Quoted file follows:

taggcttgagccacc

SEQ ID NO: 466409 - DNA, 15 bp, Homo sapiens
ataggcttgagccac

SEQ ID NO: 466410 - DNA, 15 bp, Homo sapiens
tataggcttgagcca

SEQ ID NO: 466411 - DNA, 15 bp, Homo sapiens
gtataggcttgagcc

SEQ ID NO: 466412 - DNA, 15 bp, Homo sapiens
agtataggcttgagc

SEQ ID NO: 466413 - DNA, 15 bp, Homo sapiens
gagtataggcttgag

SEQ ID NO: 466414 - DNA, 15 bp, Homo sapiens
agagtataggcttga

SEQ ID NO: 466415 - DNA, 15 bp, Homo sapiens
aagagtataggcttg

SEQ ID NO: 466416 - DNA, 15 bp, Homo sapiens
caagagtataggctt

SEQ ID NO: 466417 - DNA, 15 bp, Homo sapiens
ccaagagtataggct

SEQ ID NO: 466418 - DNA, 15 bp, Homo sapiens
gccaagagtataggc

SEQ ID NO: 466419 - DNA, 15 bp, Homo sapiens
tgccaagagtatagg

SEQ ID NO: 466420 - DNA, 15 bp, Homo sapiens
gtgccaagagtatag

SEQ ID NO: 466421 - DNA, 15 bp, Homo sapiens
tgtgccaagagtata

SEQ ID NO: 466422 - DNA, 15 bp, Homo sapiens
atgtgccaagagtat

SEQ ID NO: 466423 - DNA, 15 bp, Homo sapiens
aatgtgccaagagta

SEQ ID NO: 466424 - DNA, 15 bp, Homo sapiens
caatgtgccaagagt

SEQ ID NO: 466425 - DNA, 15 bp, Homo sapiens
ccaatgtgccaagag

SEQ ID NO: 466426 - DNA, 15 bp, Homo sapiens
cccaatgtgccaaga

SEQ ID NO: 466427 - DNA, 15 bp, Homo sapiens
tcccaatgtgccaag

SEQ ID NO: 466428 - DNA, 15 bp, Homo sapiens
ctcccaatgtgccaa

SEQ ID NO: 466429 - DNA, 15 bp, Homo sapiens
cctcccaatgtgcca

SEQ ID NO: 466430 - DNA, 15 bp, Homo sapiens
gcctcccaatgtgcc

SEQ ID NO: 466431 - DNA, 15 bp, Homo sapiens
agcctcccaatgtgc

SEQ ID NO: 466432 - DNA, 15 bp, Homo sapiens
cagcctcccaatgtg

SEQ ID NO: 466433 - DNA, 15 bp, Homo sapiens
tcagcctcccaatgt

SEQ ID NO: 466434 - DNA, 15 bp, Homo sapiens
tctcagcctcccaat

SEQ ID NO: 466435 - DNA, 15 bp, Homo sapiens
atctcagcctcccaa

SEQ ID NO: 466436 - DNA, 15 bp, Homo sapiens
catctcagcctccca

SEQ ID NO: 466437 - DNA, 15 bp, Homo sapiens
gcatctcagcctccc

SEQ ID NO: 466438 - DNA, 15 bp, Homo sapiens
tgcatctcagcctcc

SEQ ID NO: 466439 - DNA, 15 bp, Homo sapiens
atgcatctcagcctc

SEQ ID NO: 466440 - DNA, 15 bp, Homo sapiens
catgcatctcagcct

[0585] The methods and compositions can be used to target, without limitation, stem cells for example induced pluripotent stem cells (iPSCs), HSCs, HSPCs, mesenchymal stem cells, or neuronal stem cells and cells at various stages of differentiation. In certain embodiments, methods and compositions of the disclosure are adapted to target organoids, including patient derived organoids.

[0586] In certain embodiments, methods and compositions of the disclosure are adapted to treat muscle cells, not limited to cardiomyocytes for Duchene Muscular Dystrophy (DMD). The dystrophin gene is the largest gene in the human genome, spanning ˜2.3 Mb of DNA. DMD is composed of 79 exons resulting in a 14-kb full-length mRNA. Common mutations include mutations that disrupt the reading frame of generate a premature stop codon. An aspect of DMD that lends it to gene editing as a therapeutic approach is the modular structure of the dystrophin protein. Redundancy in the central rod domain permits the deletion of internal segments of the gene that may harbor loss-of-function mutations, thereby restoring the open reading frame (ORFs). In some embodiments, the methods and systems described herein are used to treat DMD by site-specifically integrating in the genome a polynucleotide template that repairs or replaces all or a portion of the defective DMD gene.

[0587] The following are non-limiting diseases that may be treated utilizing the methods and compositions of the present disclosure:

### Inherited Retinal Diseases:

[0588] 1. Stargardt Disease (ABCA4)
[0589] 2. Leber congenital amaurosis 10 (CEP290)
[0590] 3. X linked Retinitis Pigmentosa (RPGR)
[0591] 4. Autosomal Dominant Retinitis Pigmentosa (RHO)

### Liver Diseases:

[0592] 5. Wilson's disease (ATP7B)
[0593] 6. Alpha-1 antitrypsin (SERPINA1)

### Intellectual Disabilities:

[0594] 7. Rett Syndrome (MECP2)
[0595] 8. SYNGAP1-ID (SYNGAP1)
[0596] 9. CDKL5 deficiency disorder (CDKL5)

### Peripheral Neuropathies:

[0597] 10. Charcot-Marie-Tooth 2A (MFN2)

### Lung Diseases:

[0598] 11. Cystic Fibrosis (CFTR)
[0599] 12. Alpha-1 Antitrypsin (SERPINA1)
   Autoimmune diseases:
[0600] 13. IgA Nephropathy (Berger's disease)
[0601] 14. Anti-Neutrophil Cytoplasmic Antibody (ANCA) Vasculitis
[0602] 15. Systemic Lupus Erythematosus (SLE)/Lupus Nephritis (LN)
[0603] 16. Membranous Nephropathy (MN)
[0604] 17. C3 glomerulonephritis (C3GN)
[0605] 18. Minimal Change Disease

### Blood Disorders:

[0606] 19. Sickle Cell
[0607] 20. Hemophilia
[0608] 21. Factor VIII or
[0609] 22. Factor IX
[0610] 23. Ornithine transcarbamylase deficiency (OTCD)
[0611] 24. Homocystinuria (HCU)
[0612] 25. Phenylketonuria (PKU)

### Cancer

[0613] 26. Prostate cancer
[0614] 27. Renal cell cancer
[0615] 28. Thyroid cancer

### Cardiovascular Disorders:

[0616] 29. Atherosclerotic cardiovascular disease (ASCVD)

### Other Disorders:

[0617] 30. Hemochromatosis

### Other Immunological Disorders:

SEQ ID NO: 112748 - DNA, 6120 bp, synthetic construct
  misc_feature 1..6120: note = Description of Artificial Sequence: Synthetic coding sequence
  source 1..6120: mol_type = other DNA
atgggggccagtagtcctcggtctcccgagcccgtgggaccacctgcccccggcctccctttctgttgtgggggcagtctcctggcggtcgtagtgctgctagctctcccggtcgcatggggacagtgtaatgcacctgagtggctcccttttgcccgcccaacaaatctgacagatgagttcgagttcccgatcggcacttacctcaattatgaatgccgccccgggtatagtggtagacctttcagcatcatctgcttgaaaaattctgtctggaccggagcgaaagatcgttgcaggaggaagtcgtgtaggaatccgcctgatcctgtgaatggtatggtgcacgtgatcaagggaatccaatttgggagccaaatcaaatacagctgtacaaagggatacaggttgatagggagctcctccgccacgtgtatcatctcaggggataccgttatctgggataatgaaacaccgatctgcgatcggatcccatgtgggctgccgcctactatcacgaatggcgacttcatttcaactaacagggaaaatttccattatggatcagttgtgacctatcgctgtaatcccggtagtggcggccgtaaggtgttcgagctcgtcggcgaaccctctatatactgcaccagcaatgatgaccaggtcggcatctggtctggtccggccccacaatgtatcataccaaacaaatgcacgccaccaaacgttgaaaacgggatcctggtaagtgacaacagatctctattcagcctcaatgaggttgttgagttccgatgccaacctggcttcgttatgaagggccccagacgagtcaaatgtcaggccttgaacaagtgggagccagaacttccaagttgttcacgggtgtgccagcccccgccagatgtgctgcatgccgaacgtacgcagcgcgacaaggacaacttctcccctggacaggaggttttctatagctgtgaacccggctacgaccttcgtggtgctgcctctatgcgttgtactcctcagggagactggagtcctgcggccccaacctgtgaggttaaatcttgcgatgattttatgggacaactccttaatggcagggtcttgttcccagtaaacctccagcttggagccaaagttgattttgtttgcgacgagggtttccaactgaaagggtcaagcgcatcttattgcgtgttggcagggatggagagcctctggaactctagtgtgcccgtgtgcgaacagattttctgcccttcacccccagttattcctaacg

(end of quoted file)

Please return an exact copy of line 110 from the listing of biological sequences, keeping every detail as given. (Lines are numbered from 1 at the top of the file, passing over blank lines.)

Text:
SEQ ID NO: 112748 - DNA, 6120 bp, synthetic construct